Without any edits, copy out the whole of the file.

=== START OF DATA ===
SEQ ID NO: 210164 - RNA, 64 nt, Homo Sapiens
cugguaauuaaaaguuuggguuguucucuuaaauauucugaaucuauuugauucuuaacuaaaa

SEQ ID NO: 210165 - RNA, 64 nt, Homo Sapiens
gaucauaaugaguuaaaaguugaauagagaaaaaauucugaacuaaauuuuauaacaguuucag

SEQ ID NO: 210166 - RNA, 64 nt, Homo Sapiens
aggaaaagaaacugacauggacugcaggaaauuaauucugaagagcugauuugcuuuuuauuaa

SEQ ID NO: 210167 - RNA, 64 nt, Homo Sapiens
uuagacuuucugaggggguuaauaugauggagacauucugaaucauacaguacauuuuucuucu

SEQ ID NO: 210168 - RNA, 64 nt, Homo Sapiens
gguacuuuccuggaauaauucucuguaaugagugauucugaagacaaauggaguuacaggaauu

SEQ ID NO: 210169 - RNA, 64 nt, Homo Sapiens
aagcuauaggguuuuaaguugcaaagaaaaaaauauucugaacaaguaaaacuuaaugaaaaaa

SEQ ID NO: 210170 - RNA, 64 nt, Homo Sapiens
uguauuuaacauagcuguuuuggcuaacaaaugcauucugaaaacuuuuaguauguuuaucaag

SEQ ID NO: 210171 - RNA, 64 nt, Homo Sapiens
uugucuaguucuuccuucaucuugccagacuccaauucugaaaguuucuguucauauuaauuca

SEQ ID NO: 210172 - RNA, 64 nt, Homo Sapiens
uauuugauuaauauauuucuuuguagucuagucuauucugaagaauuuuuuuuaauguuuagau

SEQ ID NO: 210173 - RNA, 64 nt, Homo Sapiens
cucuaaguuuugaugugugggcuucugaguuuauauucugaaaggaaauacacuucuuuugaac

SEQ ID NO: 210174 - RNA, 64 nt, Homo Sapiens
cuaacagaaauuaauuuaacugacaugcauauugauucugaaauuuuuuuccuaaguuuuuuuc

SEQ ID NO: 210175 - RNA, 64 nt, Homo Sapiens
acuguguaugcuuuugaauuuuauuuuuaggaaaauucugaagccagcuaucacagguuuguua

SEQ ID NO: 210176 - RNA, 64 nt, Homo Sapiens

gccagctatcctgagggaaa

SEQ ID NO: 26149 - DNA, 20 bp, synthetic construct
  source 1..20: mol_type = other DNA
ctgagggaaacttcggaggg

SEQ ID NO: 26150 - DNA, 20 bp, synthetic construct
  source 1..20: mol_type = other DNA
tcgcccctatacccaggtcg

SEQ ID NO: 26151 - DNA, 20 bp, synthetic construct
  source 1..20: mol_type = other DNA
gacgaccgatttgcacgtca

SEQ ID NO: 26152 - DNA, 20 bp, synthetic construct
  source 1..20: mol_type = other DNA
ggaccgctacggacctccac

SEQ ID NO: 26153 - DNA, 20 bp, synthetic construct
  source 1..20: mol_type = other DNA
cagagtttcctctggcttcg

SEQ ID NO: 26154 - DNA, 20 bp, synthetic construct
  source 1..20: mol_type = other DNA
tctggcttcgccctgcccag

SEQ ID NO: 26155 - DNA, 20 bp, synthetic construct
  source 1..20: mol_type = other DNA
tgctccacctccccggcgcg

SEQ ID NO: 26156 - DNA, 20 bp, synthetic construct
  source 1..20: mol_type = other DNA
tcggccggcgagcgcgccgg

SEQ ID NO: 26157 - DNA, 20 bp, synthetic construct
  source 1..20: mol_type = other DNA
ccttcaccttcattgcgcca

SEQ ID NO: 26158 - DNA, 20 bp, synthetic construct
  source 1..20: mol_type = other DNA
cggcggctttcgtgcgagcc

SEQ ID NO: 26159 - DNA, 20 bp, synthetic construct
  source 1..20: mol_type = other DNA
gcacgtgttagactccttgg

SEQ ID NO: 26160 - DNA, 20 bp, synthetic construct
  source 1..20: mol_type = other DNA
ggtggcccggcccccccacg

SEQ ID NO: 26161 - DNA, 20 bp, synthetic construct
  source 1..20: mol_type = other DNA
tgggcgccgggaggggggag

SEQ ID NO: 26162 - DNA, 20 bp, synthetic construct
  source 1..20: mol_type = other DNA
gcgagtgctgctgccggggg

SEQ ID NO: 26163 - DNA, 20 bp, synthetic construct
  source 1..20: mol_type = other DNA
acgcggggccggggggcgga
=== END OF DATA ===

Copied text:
SEQ ID NO: 210164 - RNA, 64 nt, Homo Sapiens
cugguaauuaaaaguuuggguuguucucuuaaauauucugaaucuauuugauucuuaacuaaaa

SEQ ID NO: 210165 - RNA, 64 nt, Homo Sapiens
gaucauaaugaguuaaaaguugaauagagaaaaaauucugaacuaaauuuuauaacaguuucag

SEQ ID NO: 210166 - RNA, 64 nt, Homo Sapiens
aggaaaagaaacugacauggacugcaggaaauuaauucugaagagcugauuugcuuuuuauuaa

SEQ ID NO: 210167 - RNA, 64 nt, Homo Sapiens
uuagacuuucugaggggguuaauaugauggagacauucugaaucauacaguacauuuuucuucu

SEQ ID NO: 210168 - RNA, 64 nt, Homo Sapiens
gguacuuuccuggaauaauucucuguaaugagugauucugaagacaaauggaguuacaggaauu

SEQ ID NO: 210169 - RNA, 64 nt, Homo Sapiens
aagcuauaggguuuuaaguugcaaagaaaaaaauauucugaacaaguaaaacuuaaugaaaaaa

SEQ ID NO: 210170 - RNA, 64 nt, Homo Sapiens
uguauuuaacauagcuguuuuggcuaacaaaugcauucugaaaacuuuuaguauguuuaucaag

SEQ ID NO: 210171 - RNA, 64 nt, Homo Sapiens
uugucuaguucuuccuucaucuugccagacuccaauucugaaaguuucuguucauauuaauuca

SEQ ID NO: 210172 - RNA, 64 nt, Homo Sapiens
uauuugauuaauauauuucuuuguagucuagucuauucugaagaauuuuuuuuaauguuuagau

SEQ ID NO: 210173 - RNA, 64 nt, Homo Sapiens
cucuaaguuuugaugugugggcuucugaguuuauauucugaaaggaaauacacuucuuuugaac

SEQ ID NO: 210174 - RNA, 64 nt, Homo Sapiens
cuaacagaaauuaauuuaacugacaugcauauugauucugaaauuuuuuuccuaaguuuuuuuc

SEQ ID NO: 210175 - RNA, 64 nt, Homo Sapiens
acuguguaugcuuuugaauuuuauuuuuaggaaaauucugaagccagcuaucacagguuuguua

SEQ ID NO: 210176 - RNA, 64 nt, Homo Sapiens

gccagctatcctgagggaaa

SEQ ID NO: 26149 - DNA, 20 bp, synthetic construct
  source 1..20: mol_type = other DNA
ctgagggaaacttcggaggg

SEQ ID NO: 26150 - DNA, 20 bp, synthetic construct
  source 1..20: mol_type = other DNA
tcgcccctatacccaggtcg

SEQ ID NO: 26151 - DNA, 20 bp, synthetic construct
  source 1..20: mol_type = other DNA
gacgaccgatttgcacgtca

SEQ ID NO: 26152 - DNA, 20 bp, synthetic construct
  source 1..20: mol_type = other DNA
ggaccgctacggacctccac

SEQ ID NO: 26153 - DNA, 20 bp, synthetic construct
  source 1..20: mol_type = other DNA
cagagtttcctctggcttcg

SEQ ID NO: 26154 - DNA, 20 bp, synthetic construct
  source 1..20: mol_type = other DNA
tctggcttcgccctgcccag

SEQ ID NO: 26155 - DNA, 20 bp, synthetic construct
  source 1..20: mol_type = other DNA
tgctccacctccccggcgcg

SEQ ID NO: 26156 - DNA, 20 bp, synthetic construct
  source 1..20: mol_type = other DNA
tcggccggcgagcgcgccgg

SEQ ID NO: 26157 - DNA, 20 bp, synthetic construct
  source 1..20: mol_type = other DNA
ccttcaccttcattgcgcca

SEQ ID NO: 26158 - DNA, 20 bp, synthetic construct
  source 1..20: mol_type = other DNA
cggcggctttcgtgcgagcc

SEQ ID NO: 26159 - DNA, 20 bp, synthetic construct
  source 1..20: mol_type = other DNA
gcacgtgttagactccttgg

SEQ ID NO: 26160 - DNA, 20 bp, synthetic construct
  source 1..20: mol_type = other DNA
ggtggcccggcccccccacg

SEQ ID NO: 26161 - DNA, 20 bp, synthetic construct
  source 1..20: mol_type = other DNA
tgggcgccgggaggggggag

SEQ ID NO: 26162 - DNA, 20 bp, synthetic construct
  source 1..20: mol_type = other DNA
gcgagtgctgctgccggggg

SEQ ID NO: 26163 - DNA, 20 bp, synthetic construct
  source 1..20: mol_type = other DNA
acgcggggccggggggcgga